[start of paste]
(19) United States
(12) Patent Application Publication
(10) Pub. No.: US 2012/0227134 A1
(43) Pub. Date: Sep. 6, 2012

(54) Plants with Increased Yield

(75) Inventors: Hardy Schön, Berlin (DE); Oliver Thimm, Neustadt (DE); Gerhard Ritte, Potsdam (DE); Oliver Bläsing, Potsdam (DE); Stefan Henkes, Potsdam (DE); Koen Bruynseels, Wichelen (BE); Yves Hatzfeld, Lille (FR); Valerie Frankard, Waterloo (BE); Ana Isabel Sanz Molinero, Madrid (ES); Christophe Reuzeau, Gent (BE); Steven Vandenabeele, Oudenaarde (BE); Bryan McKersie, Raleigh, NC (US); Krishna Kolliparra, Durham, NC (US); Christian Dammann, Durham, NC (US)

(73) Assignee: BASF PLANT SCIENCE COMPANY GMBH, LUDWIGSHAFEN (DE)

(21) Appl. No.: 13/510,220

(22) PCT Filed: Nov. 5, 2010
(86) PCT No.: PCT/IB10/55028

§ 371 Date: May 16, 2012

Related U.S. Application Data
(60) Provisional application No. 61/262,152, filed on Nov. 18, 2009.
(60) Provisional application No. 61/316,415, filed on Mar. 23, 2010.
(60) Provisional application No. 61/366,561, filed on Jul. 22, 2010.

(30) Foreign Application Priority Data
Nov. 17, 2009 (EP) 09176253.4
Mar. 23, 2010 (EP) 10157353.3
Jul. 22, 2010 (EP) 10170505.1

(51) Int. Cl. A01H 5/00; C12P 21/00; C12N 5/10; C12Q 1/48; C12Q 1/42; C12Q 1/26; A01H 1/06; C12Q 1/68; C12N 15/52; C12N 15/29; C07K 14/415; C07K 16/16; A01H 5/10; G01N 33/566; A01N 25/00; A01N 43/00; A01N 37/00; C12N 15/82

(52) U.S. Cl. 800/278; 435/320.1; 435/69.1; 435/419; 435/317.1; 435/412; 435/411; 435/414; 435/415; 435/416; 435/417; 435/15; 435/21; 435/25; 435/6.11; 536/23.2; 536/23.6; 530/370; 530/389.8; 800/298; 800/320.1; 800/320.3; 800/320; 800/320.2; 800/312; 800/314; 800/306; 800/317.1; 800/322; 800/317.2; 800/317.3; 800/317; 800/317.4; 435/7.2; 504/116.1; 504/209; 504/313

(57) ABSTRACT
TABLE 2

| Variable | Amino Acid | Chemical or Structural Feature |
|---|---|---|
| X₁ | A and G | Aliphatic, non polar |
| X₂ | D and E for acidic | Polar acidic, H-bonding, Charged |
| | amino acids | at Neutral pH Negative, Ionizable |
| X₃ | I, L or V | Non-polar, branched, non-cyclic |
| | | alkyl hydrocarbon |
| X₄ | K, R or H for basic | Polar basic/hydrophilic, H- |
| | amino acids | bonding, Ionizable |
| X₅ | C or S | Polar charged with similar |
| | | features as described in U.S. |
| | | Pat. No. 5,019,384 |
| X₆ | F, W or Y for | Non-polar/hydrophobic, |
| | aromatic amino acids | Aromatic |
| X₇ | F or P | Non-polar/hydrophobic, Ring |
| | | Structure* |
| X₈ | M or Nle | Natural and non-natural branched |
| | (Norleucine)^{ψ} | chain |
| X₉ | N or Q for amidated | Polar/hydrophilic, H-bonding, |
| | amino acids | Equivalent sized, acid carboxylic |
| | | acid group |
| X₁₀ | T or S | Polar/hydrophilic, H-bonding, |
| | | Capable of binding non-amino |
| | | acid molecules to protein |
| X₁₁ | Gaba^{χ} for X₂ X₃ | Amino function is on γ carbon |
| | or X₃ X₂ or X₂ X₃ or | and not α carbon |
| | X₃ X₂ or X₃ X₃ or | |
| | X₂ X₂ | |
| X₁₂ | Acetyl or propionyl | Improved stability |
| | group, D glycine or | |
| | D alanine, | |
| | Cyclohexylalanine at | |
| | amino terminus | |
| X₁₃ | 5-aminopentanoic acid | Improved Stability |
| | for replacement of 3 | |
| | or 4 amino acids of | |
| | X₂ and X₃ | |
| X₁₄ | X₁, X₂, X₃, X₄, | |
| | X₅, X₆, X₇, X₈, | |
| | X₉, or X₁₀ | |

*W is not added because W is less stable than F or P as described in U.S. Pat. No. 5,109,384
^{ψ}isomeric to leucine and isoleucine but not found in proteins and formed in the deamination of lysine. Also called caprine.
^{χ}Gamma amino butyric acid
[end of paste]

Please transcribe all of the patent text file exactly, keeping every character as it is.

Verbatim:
(19) United States
(12) Patent Application Publication
(10) Pub. No.: US 2012/0227134 A1
(43) Pub. Date: Sep. 6, 2012

(54) Plants with Increased Yield

(75) Inventors: Hardy Schön, Berlin (DE); Oliver Thimm, Neustadt (DE); Gerhard Ritte, Potsdam (DE); Oliver Bläsing, Potsdam (DE); Stefan Henkes, Potsdam (DE); Koen Bruynseels, Wichelen (BE); Yves Hatzfeld, Lille (FR); Valerie Frankard, Waterloo (BE); Ana Isabel Sanz Molinero, Madrid (ES); Christophe Reuzeau, Gent (BE); Steven Vandenabeele, Oudenaarde (BE); Bryan McKersie, Raleigh, NC (US); Krishna Kolliparra, Durham, NC (US); Christian Dammann, Durham, NC (US)

(73) Assignee: BASF PLANT SCIENCE COMPANY GMBH, LUDWIGSHAFEN (DE)

(21) Appl. No.: 13/510,220

(22) PCT Filed: Nov. 5, 2010
(86) PCT No.: PCT/IB10/55028

§ 371 Date: May 16, 2012

Related U.S. Application Data
(60) Provisional application No. 61/262,152, filed on Nov. 18, 2009.
(60) Provisional application No. 61/316,415, filed on Mar. 23, 2010.
(60) Provisional application No. 61/366,561, filed on Jul. 22, 2010.

(30) Foreign Application Priority Data
Nov. 17, 2009 (EP) 09176253.4
Mar. 23, 2010 (EP) 10157353.3
Jul. 22, 2010 (EP) 10170505.1

(51) Int. Cl. A01H 5/00; C12P 21/00; C12N 5/10; C12Q 1/48; C12Q 1/42; C12Q 1/26; A01H 1/06; C12Q 1/68; C12N 15/52; C12N 15/29; C07K 14/415; C07K 16/16; A01H 5/10; G01N 33/566; A01N 25/00; A01N 43/00; A01N 37/00; C12N 15/82

(52) U.S. Cl. 800/278; 435/320.1; 435/69.1; 435/419; 435/317.1; 435/412; 435/411; 435/414; 435/415; 435/416; 435/417; 435/15; 435/21; 435/25; 435/6.11; 536/23.2; 536/23.6; 530/370; 530/389.8; 800/298; 800/320.1; 800/320.3; 800/320; 800/320.2; 800/312; 800/314; 800/306; 800/317.1; 800/322; 800/317.2; 800/317.3; 800/317; 800/317.4; 435/7.2; 504/116.1; 504/209; 504/313

(57) ABSTRACT
TABLE 2

| Variable | Amino Acid | Chemical or Structural Feature |
|---|---|---|
| X₁ | A and G | Aliphatic, non polar |
| X₂ | D and E for acidic | Polar acidic, H-bonding, Charged |
| | amino acids | at Neutral pH Negative, Ionizable |
| X₃ | I, L or V | Non-polar, branched, non-cyclic |
| | | alkyl hydrocarbon |
| X₄ | K, R or H for basic | Polar basic/hydrophilic, H- |
| | amino acids | bonding, Ionizable |
| X₅ | C or S | Polar charged with similar |
| | | features as described in U.S. |
| | | Pat. No. 5,019,384 |
| X₆ | F, W or Y for | Non-polar/hydrophobic, |
| | aromatic amino acids | Aromatic |
| X₇ | F or P | Non-polar/hydrophobic, Ring |
| | | Structure* |
| X₈ | M or Nle | Natural and non-natural branched |
| | (Norleucine)^{ψ} | chain |
| X₉ | N or Q for amidated | Polar/hydrophilic, H-bonding, |
| | amino acids | Equivalent sized, acid carboxylic |
| | | acid group |
| X₁₀ | T or S | Polar/hydrophilic, H-bonding, |
| | | Capable of binding non-amino |
| | | acid molecules to protein |
| X₁₁ | Gaba^{χ} for X₂ X₃ | Amino function is on γ carbon |
| | or X₃ X₂ or X₂ X₃ or | and not α carbon |
| | X₃ X₂ or X₃ X₃ or | |
| | X₂ X₂ | |
| X₁₂ | Acetyl or propionyl | Improved stability |
| | group, D glycine or | |
| | D alanine, | |
| | Cyclohexylalanine at | |
| | amino terminus | |
| X₁₃ | 5-aminopentanoic acid | Improved Stability |
| | for replacement of 3 | |
| | or 4 amino acids of | |
| | X₂ and X₃ | |
| X₁₄ | X₁, X₂, X₃, X₄, | |
| | X₅, X₆, X₇, X₈, | |
| | X₉, or X₁₀ | |

*W is not added because W is less stable than F or P as described in U.S. Pat. No. 5,109,384
^{ψ}isomeric to leucine and isoleucine but not found in proteins and formed in the deamination of lysine. Also called caprine.
^{χ}Gamma amino butyric acid